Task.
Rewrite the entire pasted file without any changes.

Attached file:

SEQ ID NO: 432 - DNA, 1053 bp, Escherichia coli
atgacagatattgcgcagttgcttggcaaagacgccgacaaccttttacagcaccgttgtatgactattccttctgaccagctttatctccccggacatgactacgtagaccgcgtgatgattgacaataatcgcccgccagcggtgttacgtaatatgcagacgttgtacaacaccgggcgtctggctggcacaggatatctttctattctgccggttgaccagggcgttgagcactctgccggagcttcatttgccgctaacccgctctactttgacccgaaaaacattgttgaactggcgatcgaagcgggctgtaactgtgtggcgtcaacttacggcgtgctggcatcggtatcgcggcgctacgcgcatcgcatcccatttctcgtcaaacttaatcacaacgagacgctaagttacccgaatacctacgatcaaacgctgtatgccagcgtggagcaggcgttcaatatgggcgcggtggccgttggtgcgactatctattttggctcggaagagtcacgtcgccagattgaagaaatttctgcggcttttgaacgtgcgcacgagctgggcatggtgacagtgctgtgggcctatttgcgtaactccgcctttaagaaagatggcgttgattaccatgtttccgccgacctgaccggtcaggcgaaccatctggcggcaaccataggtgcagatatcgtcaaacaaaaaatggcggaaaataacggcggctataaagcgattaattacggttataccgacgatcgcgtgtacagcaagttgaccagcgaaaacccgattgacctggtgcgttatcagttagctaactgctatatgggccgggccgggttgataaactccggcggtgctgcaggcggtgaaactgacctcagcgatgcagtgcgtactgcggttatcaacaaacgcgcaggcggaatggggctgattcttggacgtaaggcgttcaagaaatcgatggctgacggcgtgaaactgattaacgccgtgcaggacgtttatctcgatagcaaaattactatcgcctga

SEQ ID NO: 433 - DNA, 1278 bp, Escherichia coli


SEQ ID NO: 432 - DNA, 1053 bp, Escherichia coli
atgacagatattgcgcagttgcttggcaaagacgccgacaaccttttacagcaccgttgtatgactattccttctgaccagctttatctccccggacatgactacgtagaccgcgtgatgattgacaataatcgcccgccagcggtgttacgtaatatgcagacgttgtacaacaccgggcgtctggctggcacaggatatctttctattctgccggttgaccagggcgttgagcactctgccggagcttcatttgccgctaacccgctctactttgacccgaaaaacattgttgaactggcgatcgaagcgggctgtaactgtgtggcgtcaacttacggcgtgctggcatcggtatcgcggcgctacgcgcatcgcatcccatttctcgtcaaacttaatcacaacgagacgctaagttacccgaatacctacgatcaaacgctgtatgccagcgtggagcaggcgttcaatatgggcgcggtggccgttggtgcgactatctattttggctcggaagagtcacgtcgccagattgaagaaatttctgcggcttttgaacgtgcgcacgagctgggcatggtgacagtgctgtgggcctatttgcgtaactccgcctttaagaaagatggcgttgattaccatgtttccgccgacctgaccggtcaggcgaaccatctggcggcaaccataggtgcagatatcgtcaaacaaaaaatggcggaaaataacggcggctataaagcgattaattacggttataccgacgatcgcgtgtacagcaagttgaccagcgaaaacccgattgacctggtgcgttatcagttagctaactgctatatgggccgggccgggttgataaactccggcggtgctgcaggcggtgaaactgacctcagcgatgcagtgcgtactgcggttatcaacaaacgcgcaggcggaatggggctgattcttggacgtaaggcgttcaagaaatcgatggctgacggcgtgaaactgattaacgccgtgcaggacgtttatctcgatagcaaaattactatcgcctga

SEQ ID NO: 433 - DNA, 1278 bp, Escherichia coli